The Fog of War (2003) – Reason has its limits…
History was always dull at school. Boring men in brown suits in musty classrooms full of brown books that no-one ever read, droning on about the bloody Nazis. Now I look back at it, I think: how do you fuck up teaching something like World War II? With the right teacher, history could be the most exciting subject ever! When you synopsize WWII, it sounds like the most thrilling blockbuster imaginable, full of massive battles, daring escapes and featuring some of the worst bad guys in history. That stuff should just teach itself!
Now the great and terrible 20th Century recedes into history, and it’s left up to us to assess it and try not to make the same mistakes. Luckily we have documentaries like The Fog of War to help us understand some of the key events, Errol Morris’ tricky, morally complex portrait of a man whose life was irrevocably entwined with war and death.
The full title of the film is The Fog of War: Lessons From the Life of Robert S. McNamara, and the former US Secretary of Defense gives his lessons direct to camera. Morris uses a device called “Interrotron”, which gives the impression that the speaker is making direct eye contact with the viewer during the film.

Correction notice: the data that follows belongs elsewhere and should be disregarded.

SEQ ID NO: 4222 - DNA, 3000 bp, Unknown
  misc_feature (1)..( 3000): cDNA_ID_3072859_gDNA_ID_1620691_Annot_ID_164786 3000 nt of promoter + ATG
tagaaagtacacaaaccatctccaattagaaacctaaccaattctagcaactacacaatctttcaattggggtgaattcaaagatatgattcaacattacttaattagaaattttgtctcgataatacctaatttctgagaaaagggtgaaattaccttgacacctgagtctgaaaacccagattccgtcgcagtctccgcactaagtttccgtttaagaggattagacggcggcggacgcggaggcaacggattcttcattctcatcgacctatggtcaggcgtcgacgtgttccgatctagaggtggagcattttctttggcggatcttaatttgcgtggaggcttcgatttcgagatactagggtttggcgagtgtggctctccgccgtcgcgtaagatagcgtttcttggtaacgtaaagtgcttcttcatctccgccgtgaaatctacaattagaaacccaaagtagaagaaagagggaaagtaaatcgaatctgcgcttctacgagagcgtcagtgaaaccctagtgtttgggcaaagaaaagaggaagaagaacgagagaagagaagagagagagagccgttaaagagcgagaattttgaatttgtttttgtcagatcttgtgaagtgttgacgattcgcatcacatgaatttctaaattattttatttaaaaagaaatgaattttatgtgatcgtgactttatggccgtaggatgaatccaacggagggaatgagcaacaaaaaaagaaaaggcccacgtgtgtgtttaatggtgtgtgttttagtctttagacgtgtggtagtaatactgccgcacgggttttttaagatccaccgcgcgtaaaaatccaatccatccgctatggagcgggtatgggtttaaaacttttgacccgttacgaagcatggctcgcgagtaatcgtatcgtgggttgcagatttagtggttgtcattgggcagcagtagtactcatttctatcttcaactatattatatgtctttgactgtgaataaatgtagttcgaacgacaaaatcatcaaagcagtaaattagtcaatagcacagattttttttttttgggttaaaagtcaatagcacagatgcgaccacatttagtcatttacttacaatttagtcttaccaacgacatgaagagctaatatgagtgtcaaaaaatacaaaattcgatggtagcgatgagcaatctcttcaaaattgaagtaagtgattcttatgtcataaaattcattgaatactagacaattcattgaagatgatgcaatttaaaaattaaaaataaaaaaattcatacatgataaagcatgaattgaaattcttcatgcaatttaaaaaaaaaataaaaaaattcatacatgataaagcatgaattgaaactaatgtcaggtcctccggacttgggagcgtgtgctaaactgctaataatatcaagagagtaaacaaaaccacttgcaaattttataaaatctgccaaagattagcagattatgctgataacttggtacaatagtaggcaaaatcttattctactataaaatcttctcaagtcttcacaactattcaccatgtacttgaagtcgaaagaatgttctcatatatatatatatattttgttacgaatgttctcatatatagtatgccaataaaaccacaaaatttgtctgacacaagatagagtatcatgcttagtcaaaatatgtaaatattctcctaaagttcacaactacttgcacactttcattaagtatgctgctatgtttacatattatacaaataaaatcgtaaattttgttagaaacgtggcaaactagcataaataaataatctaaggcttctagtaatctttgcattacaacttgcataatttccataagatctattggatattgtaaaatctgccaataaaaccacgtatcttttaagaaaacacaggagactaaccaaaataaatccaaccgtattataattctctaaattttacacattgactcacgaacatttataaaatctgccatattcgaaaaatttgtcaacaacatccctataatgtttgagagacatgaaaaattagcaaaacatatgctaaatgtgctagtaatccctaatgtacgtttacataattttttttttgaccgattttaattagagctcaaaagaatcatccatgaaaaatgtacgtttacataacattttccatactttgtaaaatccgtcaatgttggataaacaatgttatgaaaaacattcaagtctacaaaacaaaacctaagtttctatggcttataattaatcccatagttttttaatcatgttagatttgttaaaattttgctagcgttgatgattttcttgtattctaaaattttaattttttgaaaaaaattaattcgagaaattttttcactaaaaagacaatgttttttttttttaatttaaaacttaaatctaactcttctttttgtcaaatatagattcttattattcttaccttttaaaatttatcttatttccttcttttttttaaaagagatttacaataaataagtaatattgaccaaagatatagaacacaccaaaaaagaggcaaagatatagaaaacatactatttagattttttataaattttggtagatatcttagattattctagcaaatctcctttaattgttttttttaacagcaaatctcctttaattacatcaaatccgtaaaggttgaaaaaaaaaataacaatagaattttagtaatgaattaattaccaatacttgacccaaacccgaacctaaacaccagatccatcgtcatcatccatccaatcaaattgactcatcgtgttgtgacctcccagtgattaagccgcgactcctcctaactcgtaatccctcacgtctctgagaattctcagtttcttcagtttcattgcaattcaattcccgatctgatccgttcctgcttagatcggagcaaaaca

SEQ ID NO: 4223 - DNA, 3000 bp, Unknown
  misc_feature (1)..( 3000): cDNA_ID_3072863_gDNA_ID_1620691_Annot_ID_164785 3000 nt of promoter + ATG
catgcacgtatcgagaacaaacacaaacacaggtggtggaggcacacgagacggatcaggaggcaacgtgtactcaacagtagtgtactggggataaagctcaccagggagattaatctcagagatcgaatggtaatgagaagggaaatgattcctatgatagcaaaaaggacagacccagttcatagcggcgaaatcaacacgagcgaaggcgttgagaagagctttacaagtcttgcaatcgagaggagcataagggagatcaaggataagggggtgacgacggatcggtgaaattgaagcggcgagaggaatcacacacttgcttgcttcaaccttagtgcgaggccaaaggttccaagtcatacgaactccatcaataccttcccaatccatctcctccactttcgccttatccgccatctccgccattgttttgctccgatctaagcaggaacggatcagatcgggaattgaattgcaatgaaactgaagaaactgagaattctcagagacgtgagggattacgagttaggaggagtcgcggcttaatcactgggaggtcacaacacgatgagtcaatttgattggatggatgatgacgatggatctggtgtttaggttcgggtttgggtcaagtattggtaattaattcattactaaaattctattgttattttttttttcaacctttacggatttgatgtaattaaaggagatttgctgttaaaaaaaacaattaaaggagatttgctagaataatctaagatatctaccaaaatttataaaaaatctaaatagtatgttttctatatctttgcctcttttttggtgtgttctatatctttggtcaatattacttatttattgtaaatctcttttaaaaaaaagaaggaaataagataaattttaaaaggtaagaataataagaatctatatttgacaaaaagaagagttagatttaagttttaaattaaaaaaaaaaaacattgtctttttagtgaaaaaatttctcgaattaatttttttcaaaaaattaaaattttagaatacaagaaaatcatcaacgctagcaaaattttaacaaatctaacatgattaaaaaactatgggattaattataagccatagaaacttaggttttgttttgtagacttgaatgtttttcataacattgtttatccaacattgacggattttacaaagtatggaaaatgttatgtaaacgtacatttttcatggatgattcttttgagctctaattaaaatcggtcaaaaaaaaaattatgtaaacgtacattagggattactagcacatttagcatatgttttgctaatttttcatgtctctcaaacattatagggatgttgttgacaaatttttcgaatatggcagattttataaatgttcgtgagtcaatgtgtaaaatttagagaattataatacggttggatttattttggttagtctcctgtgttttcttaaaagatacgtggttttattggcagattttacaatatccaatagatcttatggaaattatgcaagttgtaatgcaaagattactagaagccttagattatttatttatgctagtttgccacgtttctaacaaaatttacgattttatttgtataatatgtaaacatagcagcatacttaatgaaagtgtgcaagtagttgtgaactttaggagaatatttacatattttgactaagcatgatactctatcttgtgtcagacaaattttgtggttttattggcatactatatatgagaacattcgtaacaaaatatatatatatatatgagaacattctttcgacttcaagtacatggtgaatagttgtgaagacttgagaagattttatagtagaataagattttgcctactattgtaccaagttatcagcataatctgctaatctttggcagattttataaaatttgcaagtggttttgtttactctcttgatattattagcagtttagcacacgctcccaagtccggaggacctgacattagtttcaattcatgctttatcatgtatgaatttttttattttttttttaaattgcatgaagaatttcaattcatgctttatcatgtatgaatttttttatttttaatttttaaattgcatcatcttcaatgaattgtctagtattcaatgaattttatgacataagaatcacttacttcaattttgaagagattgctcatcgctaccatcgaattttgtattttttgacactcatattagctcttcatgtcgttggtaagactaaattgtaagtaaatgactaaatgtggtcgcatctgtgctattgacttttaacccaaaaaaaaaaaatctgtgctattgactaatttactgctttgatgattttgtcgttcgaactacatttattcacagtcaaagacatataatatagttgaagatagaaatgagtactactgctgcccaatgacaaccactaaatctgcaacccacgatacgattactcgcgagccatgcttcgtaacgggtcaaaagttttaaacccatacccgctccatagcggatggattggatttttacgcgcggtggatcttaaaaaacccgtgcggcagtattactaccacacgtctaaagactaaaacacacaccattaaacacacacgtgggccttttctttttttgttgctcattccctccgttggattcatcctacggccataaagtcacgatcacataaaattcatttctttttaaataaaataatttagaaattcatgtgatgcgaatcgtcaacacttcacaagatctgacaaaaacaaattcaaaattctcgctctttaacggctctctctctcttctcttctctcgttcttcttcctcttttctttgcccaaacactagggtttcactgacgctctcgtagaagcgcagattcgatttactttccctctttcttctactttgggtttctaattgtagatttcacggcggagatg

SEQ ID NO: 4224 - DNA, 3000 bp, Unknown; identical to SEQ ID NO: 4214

McNamara was born during World War I, prematurely declared “The War to end all Wars” by president Woodrow Wilson. During World War II he advised General Curtis LeMay during the bombing of Japanese cities.
McNamara’s Lesson Number Four is “Maximize Efficiency” – his analysis of bombing statistics led to the use of B-29 superfortresses, designed to drop bombs from high altitude, to drop incendiary bombs on dozens of cities from 5000ft. “…in that night, we burned to death 100,000 Japanese civilians in Tokyo: men, women and children.”
This sets the theme for the whole film. During his lifetime, McNamara has been declared an evil warmonger, but he was never the person directly making the decisions. More powerful men were acting on his advice. “If we’d lost…we would have been tried as war criminals.” McNamara admits, regarding the devastating carnage wrought upon Japan.
It is said that history is written by the victors, and if that is the case, McNamara’s testimony cannot be trusted. If the 20th Century was the American Century, he was involved in authoring some of its most bloody and dramatic chapters, and one of the failures of the last century was that the Americans continued to behave as victors, even when they started losing. Their record in the conflicts talked about here is won one, drawn one and lost one.
McNamara’s testimony appears candid, but there is always the sense that we are listening to a shrewd political operator of keen intellect. He continuously tries to exonerate himself by admitting someof the blame, but stops short of accepting full responsibility.
After the Second World War, McNamara ended up working for Henry Ford, where his number-crunching abilities gave him the opportunity to save lives – his analysis of car crash stats led to safer cars and the introduction of the seat belt.
His meteoric rise led to Presidency of the Ford Motor Company, then to the White House, when he received a call with an invitation from John F Kennedy.